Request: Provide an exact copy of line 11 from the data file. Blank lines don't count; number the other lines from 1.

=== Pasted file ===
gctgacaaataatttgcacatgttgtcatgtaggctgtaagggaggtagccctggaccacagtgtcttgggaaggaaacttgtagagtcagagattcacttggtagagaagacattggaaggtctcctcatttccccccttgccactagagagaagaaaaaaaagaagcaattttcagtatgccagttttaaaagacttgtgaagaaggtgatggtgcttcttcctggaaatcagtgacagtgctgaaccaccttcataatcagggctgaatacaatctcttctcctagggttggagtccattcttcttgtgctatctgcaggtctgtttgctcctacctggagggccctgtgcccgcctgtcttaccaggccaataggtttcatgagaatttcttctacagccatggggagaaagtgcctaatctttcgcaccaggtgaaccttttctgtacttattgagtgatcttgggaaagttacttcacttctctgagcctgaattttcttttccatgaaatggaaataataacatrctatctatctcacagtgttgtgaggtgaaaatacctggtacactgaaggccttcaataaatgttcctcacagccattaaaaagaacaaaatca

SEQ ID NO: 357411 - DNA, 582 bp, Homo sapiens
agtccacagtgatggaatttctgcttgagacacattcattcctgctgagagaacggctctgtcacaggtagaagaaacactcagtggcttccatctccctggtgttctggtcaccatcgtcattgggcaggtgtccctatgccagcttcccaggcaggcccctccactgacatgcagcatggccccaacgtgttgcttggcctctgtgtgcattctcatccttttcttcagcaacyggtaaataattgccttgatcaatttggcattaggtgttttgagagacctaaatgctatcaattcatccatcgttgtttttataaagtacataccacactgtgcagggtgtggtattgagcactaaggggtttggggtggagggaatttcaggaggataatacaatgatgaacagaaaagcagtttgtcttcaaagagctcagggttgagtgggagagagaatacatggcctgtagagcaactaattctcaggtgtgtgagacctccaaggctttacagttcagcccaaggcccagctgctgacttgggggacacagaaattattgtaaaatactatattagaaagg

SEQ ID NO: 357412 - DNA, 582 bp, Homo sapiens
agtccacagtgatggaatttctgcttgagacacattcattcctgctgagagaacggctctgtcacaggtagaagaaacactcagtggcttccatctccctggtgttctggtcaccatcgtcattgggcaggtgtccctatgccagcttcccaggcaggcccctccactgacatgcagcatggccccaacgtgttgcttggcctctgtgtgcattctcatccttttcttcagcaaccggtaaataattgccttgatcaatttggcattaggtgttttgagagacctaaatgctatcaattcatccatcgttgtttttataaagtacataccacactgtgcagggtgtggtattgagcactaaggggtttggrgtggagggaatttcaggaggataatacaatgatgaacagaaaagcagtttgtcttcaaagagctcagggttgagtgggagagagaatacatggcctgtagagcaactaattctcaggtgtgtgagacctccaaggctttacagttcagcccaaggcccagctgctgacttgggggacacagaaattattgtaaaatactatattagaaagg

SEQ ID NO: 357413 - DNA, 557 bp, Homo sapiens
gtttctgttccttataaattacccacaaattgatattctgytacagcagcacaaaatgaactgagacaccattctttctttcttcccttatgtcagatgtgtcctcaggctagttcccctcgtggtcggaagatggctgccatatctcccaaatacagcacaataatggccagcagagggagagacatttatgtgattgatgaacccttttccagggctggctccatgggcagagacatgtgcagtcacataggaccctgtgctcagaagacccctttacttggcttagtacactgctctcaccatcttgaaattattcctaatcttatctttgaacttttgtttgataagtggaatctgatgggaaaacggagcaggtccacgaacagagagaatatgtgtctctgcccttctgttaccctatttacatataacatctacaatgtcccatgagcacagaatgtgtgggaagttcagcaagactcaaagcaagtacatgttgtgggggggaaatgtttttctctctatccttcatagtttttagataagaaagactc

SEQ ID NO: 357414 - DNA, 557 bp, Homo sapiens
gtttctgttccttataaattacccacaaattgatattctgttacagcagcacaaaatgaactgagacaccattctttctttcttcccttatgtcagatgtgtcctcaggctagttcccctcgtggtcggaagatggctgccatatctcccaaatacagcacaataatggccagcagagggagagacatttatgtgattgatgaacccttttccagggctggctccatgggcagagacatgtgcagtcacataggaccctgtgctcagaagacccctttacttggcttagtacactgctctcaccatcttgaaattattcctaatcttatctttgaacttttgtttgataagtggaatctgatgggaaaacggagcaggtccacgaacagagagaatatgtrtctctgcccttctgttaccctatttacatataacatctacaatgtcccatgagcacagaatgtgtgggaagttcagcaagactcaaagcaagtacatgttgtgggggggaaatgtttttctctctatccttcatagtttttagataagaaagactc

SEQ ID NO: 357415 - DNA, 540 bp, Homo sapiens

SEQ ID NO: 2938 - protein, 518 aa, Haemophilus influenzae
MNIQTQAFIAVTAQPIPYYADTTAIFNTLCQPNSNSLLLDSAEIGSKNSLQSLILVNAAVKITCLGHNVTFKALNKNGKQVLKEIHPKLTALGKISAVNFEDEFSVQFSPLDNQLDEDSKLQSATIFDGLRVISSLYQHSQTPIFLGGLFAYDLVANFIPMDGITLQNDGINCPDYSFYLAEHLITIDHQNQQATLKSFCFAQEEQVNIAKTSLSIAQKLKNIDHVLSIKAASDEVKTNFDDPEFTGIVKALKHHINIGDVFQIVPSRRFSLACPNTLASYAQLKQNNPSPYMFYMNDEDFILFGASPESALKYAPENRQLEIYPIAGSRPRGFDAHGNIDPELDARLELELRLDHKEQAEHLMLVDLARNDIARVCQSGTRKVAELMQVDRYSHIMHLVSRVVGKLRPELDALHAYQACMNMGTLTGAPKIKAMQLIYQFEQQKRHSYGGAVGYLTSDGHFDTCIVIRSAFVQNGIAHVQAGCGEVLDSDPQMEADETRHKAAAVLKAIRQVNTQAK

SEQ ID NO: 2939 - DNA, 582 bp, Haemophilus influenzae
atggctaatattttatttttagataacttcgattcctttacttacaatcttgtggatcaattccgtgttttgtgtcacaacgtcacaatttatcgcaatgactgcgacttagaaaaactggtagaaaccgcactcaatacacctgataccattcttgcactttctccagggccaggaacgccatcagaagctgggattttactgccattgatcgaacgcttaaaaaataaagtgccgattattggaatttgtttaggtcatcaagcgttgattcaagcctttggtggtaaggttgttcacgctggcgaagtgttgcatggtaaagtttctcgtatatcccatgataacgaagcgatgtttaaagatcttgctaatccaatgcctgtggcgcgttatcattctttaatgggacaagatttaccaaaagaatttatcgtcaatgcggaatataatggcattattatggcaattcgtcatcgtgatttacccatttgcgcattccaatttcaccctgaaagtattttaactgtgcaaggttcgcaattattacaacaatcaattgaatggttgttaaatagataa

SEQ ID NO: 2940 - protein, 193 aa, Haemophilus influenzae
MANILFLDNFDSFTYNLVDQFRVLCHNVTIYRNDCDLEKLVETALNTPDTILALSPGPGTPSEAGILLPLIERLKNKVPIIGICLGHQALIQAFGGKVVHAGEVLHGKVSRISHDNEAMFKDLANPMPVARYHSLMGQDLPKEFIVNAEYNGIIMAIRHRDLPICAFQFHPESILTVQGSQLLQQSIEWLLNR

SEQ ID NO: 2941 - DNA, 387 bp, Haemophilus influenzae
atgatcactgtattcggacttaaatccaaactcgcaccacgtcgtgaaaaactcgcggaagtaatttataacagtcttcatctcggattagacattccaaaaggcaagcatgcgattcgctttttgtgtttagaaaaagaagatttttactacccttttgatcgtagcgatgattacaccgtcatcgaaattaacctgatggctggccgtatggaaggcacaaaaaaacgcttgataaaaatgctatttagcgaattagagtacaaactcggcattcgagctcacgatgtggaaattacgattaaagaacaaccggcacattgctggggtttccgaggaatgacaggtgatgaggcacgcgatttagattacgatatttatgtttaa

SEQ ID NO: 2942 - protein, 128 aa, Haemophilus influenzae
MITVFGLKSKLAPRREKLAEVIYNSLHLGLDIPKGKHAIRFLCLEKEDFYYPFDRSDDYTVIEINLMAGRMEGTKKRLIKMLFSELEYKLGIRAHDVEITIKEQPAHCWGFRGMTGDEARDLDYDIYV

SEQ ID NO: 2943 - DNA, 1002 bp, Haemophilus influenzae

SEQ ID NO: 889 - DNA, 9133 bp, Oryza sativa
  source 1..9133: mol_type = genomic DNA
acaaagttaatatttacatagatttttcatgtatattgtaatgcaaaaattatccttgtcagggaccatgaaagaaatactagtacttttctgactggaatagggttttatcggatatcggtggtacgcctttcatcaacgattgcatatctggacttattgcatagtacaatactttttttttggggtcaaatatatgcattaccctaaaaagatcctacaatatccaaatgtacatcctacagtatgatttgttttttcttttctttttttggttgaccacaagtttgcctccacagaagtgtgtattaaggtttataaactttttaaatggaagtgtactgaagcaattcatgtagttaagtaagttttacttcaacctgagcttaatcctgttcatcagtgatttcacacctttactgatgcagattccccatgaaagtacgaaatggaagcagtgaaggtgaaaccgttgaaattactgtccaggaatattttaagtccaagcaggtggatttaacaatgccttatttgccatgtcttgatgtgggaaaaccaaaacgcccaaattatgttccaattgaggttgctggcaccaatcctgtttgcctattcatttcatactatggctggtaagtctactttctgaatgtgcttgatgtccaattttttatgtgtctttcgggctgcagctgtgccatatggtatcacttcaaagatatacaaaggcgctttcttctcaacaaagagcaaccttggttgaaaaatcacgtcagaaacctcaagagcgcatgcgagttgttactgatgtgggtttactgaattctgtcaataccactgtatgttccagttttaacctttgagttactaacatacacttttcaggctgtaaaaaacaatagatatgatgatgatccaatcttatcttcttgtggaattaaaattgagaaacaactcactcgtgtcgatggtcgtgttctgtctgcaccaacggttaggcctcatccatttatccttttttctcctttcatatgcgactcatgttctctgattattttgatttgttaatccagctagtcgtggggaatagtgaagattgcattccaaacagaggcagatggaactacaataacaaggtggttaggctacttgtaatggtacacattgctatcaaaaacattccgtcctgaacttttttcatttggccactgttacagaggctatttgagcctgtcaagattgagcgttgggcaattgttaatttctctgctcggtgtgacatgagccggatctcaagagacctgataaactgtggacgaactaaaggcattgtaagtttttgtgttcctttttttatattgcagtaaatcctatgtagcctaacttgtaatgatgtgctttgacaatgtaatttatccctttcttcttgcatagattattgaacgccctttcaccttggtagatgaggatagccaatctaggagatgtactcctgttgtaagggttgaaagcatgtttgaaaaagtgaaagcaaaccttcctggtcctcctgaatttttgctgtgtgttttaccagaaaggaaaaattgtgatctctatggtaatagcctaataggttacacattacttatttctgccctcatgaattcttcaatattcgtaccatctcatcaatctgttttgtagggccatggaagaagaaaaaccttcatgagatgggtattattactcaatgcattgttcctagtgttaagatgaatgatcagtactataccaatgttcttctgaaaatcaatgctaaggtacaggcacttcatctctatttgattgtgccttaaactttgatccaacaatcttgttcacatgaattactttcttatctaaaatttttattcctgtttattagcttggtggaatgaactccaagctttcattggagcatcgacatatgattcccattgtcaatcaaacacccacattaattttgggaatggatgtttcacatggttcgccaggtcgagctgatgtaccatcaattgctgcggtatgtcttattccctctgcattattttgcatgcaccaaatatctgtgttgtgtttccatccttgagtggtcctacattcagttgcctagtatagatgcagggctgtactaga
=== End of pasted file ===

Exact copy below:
SEQ ID NO: 2938 - protein, 518 aa, Haemophilus influenzae